Olympic Destroyer Blocked by enSilo
According to the BBC, on February 12, 2018, the International Olympic committee was under a cyber-attack. This cyber-attack, had begun right before the opening ceremony of the games in Pyeongchang South Korea and occurred for approximately 12 hours. In this cyber-attack the Olympics website was taken down along with several non-critical systems. In addition, the Internet at some of the games was also taken down. Since then there has been some speculations about the origination of this attack. Some news agencies such as Sky News and Wired (among many others) has gone as far as suggesting that this cyber-attack has likely occurred by a Russian state-sponsored agency as a retaliation for banning many Russian athletes from the Olympic games as a result of doping scandal back in 2014.
Cisco Talos was the first entity to establish a technical report associated with this cyber-attack. In their report, the researchers at Cisco described the malware as the “Olympic Destroyer” malware. Cisco’s analysis suggested that once this malware executed on the system, it then attempted to destroy files, wipe shadow copies and Windows event log records. In addition, this malware dropped additional variants that performed other destructive operations and also used tools such as Psexec and WMI commands to move within the environment.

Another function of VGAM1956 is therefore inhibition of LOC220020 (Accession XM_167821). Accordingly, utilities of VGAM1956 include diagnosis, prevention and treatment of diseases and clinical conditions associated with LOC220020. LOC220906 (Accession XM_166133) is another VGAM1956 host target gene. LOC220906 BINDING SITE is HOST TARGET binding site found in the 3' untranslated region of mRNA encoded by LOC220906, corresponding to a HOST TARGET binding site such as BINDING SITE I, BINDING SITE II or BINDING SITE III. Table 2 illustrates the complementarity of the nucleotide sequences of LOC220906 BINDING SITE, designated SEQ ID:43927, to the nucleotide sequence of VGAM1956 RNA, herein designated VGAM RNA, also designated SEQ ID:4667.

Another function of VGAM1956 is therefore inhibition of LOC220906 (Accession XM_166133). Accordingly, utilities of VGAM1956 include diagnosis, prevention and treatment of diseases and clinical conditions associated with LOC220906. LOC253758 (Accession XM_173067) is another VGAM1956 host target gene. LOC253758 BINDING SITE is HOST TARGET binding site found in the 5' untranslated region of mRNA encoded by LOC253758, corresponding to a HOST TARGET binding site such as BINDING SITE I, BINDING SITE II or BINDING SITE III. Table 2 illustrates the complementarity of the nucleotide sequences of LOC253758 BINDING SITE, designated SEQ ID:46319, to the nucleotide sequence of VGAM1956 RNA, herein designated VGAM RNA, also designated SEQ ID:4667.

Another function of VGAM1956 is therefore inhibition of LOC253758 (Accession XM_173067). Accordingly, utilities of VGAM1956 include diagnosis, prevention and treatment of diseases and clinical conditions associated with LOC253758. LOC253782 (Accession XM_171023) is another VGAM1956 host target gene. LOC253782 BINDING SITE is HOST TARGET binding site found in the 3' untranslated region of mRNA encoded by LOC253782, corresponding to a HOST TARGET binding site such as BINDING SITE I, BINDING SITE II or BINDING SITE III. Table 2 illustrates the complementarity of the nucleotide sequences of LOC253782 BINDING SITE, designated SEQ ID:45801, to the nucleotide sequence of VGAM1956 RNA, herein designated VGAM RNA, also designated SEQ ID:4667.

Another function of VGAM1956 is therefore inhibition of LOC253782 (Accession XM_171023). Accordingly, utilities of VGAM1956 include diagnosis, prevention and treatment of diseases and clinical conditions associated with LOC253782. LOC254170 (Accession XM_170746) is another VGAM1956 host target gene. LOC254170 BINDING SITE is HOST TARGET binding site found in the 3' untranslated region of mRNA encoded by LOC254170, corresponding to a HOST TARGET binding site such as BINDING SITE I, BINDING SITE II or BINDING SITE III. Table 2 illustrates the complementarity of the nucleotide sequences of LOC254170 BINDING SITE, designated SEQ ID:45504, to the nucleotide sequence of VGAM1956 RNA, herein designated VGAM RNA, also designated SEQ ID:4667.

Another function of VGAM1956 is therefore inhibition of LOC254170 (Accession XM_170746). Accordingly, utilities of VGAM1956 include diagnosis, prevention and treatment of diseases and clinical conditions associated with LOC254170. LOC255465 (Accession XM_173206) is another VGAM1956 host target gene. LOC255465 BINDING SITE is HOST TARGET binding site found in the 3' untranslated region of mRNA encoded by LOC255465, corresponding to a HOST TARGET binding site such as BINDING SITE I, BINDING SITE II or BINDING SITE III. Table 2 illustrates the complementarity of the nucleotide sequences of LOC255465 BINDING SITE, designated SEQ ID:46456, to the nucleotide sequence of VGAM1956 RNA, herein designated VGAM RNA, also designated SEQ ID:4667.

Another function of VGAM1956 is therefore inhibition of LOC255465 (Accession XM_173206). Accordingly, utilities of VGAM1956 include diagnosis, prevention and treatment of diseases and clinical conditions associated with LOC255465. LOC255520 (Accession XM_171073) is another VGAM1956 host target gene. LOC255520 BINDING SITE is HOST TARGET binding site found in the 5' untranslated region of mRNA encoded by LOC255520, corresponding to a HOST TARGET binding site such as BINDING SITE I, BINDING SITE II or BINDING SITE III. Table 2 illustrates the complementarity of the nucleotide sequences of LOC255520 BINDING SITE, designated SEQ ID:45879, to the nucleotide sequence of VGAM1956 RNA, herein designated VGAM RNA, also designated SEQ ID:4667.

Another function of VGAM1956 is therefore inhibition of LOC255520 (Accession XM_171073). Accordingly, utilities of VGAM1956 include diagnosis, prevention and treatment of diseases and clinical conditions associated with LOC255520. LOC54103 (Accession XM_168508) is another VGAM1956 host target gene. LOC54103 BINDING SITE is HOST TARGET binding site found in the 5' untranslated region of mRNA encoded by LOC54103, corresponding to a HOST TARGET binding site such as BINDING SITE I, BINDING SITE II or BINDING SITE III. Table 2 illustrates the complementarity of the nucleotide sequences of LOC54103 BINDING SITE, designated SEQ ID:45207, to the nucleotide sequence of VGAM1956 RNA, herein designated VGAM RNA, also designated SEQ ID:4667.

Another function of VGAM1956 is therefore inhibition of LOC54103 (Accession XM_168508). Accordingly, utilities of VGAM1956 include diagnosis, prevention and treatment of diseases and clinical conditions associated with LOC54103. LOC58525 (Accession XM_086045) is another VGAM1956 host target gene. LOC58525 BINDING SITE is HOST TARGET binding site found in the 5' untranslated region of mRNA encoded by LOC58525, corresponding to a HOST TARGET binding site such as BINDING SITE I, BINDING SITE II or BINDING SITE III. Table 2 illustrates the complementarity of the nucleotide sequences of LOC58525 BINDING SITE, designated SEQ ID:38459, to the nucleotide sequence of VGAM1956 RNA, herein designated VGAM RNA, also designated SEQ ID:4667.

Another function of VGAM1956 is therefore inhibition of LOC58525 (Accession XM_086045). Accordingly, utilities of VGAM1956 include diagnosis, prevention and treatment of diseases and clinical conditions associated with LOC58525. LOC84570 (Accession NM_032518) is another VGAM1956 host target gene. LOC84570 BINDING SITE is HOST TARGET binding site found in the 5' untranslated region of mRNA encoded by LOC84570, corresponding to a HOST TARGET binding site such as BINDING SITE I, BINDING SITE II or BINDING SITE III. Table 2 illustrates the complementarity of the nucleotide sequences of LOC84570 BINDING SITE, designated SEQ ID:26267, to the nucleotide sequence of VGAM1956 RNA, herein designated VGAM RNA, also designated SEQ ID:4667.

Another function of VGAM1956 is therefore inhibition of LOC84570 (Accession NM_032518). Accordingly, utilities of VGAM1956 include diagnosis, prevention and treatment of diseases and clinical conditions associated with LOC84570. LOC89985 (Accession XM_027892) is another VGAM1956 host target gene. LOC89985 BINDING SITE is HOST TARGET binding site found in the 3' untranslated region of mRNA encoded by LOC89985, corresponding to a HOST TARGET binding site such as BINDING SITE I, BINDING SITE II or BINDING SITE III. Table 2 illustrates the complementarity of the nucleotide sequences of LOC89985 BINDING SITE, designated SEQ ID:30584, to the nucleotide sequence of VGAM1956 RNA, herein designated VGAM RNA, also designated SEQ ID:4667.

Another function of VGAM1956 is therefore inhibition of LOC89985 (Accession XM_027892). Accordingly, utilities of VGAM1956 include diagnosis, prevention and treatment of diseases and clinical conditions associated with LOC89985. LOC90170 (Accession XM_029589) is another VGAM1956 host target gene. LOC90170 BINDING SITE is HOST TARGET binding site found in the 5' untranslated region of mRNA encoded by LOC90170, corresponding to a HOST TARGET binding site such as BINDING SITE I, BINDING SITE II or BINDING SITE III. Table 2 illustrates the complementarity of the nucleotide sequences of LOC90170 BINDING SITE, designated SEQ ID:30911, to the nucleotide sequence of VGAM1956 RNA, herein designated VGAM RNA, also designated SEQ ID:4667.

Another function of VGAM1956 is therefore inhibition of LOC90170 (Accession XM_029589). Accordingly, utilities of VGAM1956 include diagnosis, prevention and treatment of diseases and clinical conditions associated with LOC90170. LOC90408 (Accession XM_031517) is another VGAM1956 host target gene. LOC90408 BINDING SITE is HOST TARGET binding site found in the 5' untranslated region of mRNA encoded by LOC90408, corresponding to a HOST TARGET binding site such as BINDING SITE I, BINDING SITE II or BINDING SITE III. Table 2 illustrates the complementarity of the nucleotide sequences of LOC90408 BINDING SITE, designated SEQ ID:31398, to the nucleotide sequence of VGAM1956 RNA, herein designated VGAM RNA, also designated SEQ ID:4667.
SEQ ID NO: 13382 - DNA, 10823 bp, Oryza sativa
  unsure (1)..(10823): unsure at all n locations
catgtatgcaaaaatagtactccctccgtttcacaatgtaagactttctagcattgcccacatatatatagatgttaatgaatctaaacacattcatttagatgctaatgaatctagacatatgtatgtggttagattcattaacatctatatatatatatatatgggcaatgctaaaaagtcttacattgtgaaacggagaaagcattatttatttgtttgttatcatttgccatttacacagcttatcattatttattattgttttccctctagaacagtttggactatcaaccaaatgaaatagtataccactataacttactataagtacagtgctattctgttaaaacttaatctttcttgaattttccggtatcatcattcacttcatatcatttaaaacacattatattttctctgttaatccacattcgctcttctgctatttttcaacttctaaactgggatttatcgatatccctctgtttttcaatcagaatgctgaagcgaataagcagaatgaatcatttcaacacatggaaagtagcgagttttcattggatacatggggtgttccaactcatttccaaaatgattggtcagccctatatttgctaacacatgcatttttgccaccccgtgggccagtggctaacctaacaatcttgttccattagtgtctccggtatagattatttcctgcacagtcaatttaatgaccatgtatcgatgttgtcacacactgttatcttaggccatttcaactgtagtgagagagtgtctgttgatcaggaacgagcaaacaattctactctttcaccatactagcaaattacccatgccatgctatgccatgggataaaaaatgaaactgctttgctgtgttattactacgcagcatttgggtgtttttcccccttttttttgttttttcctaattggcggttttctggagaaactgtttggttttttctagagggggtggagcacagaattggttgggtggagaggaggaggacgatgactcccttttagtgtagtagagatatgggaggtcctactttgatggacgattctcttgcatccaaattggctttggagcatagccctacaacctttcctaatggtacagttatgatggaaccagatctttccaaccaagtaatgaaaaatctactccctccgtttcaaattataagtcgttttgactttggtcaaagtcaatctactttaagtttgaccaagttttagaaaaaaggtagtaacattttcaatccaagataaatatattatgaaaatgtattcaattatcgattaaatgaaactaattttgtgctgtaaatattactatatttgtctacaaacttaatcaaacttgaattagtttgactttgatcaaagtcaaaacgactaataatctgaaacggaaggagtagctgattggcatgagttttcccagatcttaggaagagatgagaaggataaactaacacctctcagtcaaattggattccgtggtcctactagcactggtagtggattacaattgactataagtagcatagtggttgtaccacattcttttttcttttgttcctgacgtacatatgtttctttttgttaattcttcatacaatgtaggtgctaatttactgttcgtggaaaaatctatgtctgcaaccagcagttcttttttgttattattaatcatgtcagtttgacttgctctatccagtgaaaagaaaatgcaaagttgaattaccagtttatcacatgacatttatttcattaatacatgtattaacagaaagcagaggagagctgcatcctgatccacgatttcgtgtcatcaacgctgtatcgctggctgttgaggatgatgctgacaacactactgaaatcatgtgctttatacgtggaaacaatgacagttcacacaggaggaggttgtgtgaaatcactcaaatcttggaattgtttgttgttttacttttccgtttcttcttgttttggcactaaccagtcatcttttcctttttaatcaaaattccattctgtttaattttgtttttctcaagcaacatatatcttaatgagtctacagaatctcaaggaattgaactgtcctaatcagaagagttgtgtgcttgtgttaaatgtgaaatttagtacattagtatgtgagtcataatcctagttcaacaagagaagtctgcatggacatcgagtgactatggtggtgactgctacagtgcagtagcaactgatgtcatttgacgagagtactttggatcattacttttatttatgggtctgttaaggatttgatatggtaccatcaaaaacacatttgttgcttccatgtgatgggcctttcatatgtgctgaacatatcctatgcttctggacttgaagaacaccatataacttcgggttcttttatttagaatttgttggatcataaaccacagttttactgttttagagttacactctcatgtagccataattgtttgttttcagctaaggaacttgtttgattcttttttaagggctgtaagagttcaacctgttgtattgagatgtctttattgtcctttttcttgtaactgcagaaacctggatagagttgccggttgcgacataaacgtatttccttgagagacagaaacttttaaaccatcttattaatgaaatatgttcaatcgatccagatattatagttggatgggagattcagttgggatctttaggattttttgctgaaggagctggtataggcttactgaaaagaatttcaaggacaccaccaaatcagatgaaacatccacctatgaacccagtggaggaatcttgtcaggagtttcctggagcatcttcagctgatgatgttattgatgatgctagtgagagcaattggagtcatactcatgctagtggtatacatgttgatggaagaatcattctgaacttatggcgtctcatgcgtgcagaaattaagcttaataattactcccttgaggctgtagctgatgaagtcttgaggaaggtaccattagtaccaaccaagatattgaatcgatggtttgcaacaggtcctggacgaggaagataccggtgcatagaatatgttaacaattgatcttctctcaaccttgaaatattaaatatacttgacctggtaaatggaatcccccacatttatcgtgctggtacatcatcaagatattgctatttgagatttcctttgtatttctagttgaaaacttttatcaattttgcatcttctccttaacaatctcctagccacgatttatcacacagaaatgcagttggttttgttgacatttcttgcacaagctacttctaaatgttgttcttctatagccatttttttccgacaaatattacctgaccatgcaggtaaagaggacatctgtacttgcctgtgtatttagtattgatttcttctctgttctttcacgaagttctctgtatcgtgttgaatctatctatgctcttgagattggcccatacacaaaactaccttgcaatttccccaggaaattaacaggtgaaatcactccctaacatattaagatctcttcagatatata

Since this malware performs multiple destructive operations, we decided to take a closer look and analyze this malware. We also ran this malware through our enSilo post infection protection platform. The malware analysis and execution results were very clear and the outcome of executing this malware on a system protected by our technology was exactly as we predicted. The analysis of this malware and the results of executing it through our platform is described in the following sections.